“Due to the increasing number of criminal activities relating to domestic helps, we try and give as much information as we have about a person,” Sinhal said. “Having said that we have never and will never discriminate against a person on the basis of caste, religion or colour. We offer a choice to the employer and always insist that an employer does not discriminate a person on the basis of any irrelevant information like religion.”


To be sure, other online services also offer the same feature. For instance, the website maidservices.in allows people to select the preferred religion of domestic workers.

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Removing the layers of complexity that weigh down mental health in rural India

Patients in rural areas of the country face several obstacles to get to treatment.

Two individuals, with sombre faces, are immersed in conversation in a sunlit classroom. This image is the theme across WHO’s 2017 campaign ‘Depression: let’s talk’ that aims to encourage people suffering from depression or anxiety to seek help and get assistance. The fact that depression is the theme of World Health Day 2017 indicates the growing global awareness of mental health. This intensification of the discourse on mental health unfortunately coincides with the global rise in mental illness. According to the latest estimates from WHO, more than 300 million people across the globe are suffering from depression, an increase of 18% between 2005 and 2015.

In India, the National Mental Health Survey of India, 2015-16, conducted by the National Institute of Mental Health and Neurosciences (NIMHANS) revealed the prevalence of mental disorders in 13.7% of the surveyed population. The survey also highlighted that common mental disorders including depression, anxiety disorders and substance use disorders affect nearly 10% of the population, with 1 in 20 people in India suffering from depression. Perhaps the most crucial finding from this survey is the disclosure of a huge treatment gap that remains very high in our country and even worse in rural areas.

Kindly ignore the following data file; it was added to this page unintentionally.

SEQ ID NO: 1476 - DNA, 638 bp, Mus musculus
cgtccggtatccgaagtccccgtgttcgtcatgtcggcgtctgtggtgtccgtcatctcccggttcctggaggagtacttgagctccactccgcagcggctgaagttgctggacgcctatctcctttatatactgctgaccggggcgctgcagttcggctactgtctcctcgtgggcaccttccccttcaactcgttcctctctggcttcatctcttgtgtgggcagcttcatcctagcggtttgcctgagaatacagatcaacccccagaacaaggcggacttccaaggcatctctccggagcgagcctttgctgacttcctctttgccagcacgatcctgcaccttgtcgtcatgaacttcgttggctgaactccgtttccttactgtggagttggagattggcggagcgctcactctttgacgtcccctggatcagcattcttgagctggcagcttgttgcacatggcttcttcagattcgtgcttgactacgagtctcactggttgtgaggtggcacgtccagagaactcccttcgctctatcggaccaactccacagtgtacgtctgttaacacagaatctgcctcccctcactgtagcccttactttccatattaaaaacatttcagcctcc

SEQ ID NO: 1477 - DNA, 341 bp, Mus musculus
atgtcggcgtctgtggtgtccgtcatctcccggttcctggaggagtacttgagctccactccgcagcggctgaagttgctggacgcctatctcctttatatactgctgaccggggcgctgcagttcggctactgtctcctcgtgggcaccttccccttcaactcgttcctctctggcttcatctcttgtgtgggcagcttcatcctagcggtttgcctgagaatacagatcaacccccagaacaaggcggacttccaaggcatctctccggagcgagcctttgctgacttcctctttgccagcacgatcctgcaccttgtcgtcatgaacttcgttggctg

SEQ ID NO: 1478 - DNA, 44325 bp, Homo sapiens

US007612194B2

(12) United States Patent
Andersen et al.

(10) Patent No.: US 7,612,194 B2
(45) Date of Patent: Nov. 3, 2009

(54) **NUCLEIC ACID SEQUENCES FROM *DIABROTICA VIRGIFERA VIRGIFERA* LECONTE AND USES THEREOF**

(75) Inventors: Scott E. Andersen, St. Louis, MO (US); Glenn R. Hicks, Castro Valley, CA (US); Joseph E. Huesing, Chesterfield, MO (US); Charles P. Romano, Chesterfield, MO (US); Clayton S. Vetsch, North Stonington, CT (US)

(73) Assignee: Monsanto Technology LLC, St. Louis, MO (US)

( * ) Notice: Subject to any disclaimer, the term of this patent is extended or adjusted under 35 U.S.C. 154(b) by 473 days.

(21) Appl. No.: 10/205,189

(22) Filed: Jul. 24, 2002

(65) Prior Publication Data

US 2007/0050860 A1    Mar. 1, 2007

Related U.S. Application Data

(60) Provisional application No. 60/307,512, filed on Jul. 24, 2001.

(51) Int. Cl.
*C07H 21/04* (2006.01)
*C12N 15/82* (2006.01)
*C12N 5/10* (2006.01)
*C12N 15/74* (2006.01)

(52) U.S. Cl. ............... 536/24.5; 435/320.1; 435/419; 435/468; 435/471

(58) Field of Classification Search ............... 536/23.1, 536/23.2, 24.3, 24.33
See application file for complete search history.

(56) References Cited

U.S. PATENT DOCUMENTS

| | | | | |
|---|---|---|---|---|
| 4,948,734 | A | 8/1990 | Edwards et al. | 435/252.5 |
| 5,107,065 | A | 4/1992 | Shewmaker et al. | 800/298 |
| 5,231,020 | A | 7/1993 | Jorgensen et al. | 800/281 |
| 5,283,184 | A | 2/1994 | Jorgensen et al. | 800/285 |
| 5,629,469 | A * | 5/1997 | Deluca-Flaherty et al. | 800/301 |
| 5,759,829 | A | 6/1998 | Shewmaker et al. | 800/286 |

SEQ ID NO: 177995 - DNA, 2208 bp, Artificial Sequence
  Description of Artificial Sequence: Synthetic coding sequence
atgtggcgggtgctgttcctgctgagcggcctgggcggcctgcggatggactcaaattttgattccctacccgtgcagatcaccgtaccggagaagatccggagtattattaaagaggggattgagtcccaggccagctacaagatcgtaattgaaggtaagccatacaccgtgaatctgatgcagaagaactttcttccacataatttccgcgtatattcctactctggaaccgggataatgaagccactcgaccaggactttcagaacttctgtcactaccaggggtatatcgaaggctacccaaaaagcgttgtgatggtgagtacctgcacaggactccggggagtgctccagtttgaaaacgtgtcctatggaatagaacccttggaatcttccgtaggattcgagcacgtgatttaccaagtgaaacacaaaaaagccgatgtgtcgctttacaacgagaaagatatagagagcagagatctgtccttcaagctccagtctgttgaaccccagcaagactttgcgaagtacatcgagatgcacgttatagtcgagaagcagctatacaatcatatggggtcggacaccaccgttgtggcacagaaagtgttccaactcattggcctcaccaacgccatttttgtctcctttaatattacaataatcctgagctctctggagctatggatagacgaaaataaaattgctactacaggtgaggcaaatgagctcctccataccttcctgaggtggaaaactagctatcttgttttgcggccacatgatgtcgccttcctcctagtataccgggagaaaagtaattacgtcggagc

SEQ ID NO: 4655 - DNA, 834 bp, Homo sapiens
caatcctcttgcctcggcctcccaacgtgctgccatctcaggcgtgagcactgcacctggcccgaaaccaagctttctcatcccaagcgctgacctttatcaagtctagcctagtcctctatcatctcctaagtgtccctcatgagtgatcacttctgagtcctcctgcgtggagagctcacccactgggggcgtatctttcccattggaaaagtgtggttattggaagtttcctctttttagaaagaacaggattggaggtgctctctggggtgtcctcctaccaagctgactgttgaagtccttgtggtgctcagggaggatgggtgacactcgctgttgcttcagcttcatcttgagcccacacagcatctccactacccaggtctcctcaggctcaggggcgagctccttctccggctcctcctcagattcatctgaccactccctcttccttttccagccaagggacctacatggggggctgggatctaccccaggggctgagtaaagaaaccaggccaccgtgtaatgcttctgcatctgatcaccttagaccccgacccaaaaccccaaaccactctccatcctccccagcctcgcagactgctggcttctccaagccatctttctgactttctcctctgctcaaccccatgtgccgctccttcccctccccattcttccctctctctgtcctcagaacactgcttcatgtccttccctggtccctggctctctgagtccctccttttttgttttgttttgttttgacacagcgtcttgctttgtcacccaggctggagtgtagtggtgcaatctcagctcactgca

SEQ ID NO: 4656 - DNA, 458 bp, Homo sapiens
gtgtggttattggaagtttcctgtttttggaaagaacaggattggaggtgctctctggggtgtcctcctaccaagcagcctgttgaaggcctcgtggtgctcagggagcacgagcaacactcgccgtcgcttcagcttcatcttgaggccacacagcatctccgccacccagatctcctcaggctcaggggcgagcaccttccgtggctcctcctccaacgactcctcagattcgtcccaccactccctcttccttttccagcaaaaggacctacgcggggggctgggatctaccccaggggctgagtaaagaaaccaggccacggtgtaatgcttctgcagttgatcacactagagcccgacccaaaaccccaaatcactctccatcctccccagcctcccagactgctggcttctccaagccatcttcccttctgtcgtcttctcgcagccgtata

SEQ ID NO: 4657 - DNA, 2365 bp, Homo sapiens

According to the National Mental Health Programme, basic psychiatric care is mandated to be provided in every primary health centre – the state run rural healthcare clinics that are the most basic units of India’s public health system. The government provides basic training for all primary health centre doctors, and pays for psychiatric medication to be stocked and available to patients. Despite this mandate, the implementation of mental health services in rural parts of the country continues to be riddled with difficulties:

Attitudinal barriers

In some rural parts of the country, a heavy social stigma exists against mental illness – this has been documented in many studies including the NIMHANS study mentioned earlier. Mental illness is considered to be the “possession of an evil spirit in an individual”. To rid the individual of this evil spirit, patients or family members rely on traditional healers or religious practitioners. Lack of awareness on mental disorders has led to further strengthening of this stigma. Most families refuse to acknowledge the presence of a mental disorder to save themselves from the discrimination in the community.

Lack of healthcare services

The average national deficit of trained psychiatrists in India is estimated to be 77% (0.2 psychiatrists per 1,00,000 population) – this shows the scale of the problem across rural and urban India. The absence of mental healthcare infrastructure compounds the public health problem as many individuals living with mental disorders remain untreated.